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Molecular systematics of cyanobacteria

Lee, Elvina (2016) Molecular systematics of cyanobacteria. PhD thesis, Murdoch University.

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Cyanobacteria constitute a phylum of ubiquitous cosmopolitan bacteria with the ability to perform oxygenic photosynthesis. Their ancient origins, ecological and economic potential, biotechnological applications and impact on water systems have attracted much interest from the academia, industry, health authorities and regulators. Despite this, cyanobacteria classification and nomenclature still remains difficult. One of the aims of this project was to further our understanding of cyanobacteria systematics by (1) testing polyphasic characterization methods and (2) examining the effect of various phylogenetic reconstruction strategies. Additionally, (3) Next Generation Sequencing (NGS) assays using novel cyanobacteria 16S rDNA targeted primers were implemented to provide better taxa resolution than that offered by “universal” 16S rDNA primers.

Cyanobacteria strains from various water sources in Australia were isolated, characterised at four loci commonly used for cyanobacteria molecular classification, and tested for the presence of genes implicated in toxin and terpene (odour) production. A total of 55 novel cyanobacterial strains were isolated and maintained in culture, forming the first known collection of cyanobacteria isolates from Western Australia. Comparison of molecular– and morphology– based identifications not only showed the limitations of the current methods (only 45% of the isolates showed agreement) but also provided the opportunity to suggest guidelines and conceive a way forward towards more effective identification approaches. Examination of alternative phylogenetic markers, workflows and stringencies showed that between alignment algorithms, alignment curations and tree building methods, the latter had the greatest effect on tree topology. This result was consistent regardless of locus, alignment and curation strategy employed.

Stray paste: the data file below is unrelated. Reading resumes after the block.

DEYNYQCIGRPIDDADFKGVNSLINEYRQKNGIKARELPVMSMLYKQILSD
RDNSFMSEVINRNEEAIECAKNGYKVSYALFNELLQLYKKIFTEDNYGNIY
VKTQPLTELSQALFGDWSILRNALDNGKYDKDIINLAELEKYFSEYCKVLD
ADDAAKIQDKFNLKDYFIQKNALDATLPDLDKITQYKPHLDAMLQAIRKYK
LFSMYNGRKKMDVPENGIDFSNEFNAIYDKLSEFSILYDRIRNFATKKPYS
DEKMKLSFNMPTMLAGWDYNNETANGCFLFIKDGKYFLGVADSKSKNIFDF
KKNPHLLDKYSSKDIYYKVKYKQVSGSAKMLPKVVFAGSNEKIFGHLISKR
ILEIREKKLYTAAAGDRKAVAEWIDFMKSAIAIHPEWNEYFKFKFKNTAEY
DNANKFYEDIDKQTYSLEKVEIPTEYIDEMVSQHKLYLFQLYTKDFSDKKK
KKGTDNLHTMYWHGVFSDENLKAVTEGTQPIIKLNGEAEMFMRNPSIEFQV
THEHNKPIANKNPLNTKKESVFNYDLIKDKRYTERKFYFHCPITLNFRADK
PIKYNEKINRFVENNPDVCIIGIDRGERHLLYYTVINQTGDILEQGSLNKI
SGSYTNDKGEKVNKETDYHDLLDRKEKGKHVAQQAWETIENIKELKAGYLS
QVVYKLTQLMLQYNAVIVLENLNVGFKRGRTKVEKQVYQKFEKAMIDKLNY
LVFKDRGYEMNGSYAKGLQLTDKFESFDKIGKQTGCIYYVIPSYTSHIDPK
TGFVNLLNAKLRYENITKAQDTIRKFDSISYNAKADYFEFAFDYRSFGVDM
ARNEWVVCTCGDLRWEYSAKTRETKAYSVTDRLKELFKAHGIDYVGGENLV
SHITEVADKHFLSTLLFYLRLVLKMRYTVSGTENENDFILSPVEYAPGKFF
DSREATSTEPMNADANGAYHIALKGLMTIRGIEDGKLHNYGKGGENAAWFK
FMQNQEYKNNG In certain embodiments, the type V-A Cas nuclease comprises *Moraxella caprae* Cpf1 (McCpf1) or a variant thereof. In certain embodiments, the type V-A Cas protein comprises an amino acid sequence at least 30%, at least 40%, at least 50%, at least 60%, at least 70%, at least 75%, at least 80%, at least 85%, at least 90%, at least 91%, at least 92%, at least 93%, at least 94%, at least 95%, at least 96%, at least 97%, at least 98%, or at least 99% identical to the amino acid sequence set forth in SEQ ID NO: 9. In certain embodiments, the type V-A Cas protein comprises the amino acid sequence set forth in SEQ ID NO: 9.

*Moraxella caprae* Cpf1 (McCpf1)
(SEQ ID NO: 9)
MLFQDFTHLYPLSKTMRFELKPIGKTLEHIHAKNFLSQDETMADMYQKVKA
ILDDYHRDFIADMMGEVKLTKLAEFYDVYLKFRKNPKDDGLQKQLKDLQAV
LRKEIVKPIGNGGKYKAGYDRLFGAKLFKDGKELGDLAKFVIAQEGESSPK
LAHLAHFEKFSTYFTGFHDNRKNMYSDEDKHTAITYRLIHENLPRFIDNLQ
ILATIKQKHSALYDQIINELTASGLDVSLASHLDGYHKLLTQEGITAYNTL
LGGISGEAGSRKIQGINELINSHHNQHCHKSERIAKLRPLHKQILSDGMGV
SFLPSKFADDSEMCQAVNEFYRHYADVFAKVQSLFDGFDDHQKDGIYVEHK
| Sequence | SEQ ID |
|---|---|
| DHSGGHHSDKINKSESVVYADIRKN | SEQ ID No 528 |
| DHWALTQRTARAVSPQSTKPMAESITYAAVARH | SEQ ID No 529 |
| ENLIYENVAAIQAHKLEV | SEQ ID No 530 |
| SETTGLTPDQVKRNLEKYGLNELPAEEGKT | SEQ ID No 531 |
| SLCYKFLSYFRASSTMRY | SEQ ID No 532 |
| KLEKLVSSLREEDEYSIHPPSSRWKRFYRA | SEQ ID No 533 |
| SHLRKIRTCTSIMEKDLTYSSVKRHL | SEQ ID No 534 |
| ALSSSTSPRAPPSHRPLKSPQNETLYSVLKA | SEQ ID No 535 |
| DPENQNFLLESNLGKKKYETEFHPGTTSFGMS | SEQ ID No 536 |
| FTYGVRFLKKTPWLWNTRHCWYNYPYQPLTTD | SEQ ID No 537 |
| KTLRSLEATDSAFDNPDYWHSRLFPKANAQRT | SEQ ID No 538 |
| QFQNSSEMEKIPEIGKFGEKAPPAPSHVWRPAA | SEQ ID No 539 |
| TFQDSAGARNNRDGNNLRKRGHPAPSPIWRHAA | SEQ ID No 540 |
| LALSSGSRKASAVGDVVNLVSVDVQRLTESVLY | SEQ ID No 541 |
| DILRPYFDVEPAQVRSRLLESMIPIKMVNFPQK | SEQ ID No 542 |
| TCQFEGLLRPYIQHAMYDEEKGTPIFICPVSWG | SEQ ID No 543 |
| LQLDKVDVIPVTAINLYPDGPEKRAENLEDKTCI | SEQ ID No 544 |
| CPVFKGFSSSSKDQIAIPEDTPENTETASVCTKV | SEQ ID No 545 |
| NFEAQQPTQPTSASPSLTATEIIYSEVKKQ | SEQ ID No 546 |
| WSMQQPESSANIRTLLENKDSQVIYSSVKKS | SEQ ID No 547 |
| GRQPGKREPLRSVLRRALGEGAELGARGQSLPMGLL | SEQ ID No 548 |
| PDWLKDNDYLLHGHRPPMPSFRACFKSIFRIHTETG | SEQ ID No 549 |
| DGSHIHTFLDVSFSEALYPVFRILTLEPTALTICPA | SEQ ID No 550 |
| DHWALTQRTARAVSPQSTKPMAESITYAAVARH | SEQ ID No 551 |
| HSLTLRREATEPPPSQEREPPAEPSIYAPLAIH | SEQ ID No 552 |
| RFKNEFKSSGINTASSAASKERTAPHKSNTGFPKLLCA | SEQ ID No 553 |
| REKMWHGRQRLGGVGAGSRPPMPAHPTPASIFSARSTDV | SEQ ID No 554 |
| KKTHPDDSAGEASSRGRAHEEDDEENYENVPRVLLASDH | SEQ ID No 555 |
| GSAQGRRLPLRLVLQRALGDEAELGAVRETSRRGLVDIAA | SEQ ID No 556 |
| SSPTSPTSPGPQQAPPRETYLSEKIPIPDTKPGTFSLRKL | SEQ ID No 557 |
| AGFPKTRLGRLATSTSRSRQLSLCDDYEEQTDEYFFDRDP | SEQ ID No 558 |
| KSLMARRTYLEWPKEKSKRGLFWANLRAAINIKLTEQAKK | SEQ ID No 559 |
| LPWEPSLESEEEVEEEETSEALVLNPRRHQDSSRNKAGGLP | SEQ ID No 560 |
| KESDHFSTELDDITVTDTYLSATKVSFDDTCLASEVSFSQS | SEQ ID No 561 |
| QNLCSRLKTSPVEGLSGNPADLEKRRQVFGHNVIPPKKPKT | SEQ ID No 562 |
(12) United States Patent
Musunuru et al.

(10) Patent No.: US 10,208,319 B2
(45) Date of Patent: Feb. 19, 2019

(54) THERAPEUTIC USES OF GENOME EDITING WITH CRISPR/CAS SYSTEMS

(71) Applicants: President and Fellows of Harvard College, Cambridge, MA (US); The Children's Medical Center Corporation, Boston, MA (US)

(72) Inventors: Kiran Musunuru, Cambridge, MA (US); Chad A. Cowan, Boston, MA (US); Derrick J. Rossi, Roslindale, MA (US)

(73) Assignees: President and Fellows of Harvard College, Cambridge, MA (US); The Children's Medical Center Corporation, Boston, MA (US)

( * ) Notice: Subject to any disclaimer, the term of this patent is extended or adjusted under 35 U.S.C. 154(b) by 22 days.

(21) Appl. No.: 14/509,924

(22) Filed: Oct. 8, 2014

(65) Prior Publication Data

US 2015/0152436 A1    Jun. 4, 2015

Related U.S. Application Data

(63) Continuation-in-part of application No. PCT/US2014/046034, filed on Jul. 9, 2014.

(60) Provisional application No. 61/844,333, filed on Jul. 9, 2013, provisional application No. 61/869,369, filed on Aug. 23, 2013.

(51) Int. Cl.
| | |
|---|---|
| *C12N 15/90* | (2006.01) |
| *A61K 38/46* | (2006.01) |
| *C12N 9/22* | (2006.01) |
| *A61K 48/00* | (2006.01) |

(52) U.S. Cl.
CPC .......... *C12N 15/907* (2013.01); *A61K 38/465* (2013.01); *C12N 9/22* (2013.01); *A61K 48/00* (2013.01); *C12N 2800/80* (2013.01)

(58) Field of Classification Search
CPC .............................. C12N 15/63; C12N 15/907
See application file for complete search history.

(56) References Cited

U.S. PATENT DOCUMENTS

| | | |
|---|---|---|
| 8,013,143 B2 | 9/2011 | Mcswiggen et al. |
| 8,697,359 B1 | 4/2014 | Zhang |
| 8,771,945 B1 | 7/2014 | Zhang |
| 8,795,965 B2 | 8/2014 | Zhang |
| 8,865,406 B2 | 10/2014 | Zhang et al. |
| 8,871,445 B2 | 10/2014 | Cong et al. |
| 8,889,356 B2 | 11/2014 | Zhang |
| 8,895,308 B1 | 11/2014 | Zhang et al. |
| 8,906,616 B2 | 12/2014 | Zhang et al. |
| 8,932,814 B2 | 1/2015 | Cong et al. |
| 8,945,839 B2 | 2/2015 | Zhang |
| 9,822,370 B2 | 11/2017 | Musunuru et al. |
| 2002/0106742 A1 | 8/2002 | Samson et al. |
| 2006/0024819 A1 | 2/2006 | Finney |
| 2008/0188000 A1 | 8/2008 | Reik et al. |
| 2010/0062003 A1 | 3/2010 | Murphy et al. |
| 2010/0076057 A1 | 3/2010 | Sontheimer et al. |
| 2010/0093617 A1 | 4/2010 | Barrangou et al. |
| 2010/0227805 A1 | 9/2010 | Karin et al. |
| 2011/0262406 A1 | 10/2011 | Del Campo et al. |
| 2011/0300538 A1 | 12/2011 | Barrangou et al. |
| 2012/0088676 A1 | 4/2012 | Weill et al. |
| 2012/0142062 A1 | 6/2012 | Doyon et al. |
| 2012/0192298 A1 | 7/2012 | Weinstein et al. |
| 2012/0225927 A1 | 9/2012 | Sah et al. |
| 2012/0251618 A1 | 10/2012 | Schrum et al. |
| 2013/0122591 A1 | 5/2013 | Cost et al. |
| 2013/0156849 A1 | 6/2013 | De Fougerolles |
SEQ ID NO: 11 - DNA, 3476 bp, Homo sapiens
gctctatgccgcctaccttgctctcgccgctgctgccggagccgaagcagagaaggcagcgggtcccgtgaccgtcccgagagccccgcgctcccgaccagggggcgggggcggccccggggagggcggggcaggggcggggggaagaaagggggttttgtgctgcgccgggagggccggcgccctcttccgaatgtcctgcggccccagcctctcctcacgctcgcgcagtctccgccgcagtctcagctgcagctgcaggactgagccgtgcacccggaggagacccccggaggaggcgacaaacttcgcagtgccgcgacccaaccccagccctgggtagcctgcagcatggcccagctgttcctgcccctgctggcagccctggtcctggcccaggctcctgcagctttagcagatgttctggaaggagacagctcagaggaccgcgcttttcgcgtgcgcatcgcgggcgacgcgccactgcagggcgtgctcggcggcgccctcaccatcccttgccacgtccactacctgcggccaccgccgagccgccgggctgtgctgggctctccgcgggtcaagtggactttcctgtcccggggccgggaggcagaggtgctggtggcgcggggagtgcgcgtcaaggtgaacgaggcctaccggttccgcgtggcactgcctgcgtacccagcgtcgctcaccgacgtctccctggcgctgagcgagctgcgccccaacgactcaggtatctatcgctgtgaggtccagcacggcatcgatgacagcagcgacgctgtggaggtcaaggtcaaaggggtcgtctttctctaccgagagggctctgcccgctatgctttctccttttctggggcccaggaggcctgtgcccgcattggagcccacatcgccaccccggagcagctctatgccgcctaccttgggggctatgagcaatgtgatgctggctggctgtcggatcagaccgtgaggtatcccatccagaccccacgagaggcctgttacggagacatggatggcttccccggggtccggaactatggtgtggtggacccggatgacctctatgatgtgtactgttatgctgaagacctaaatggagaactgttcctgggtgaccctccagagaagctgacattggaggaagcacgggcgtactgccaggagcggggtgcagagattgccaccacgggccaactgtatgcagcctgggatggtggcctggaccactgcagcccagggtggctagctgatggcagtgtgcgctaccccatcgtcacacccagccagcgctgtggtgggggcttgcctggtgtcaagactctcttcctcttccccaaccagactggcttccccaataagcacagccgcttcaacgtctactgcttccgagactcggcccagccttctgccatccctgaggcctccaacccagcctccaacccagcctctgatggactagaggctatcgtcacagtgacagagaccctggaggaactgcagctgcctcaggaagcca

Finally, two sets of novel cyanobacteria-targeted primers were designed for use with NGS technologies. As compared to the universal 16S rRNA primers, these primers showed higher specificity and preferential amplification of cyanobacteria and proteobacteria DNA. Of the sequences obtained using these two new primer pairs, cyanobacteria sequences comprised 50.5% and 54.4%, while proteobacteria sequences comprised 44.5% and 40.3% respectively. In comparison, with the universal 16S rRNA primers, cyanobacteria and proteobacteria comprised 15.3% and 33.4% respectively of the sequences analysed.

Using morphological and molecular methods, this project provides a snapshot of the as yet unstudied freshwater cyanobacterial diversity found in Western Australia using polyphasic methods. The limitations of the current identification approaches, uncovered during the first phase of the project, were harnessed to develop a method to assess the variability of phylogenetic reconstructions. Finally, novel cyanobacteria specific NGS primers demonstrated how adopting the latest NGS technology represents a promising advance in the molecular investigation of cyanobacteria.

Item Type: Thesis (PhD)
Murdoch Affiliation(s): School of Veterinary and Life Sciences
Supervisor(s): Ryan, Una and Paparini, A.
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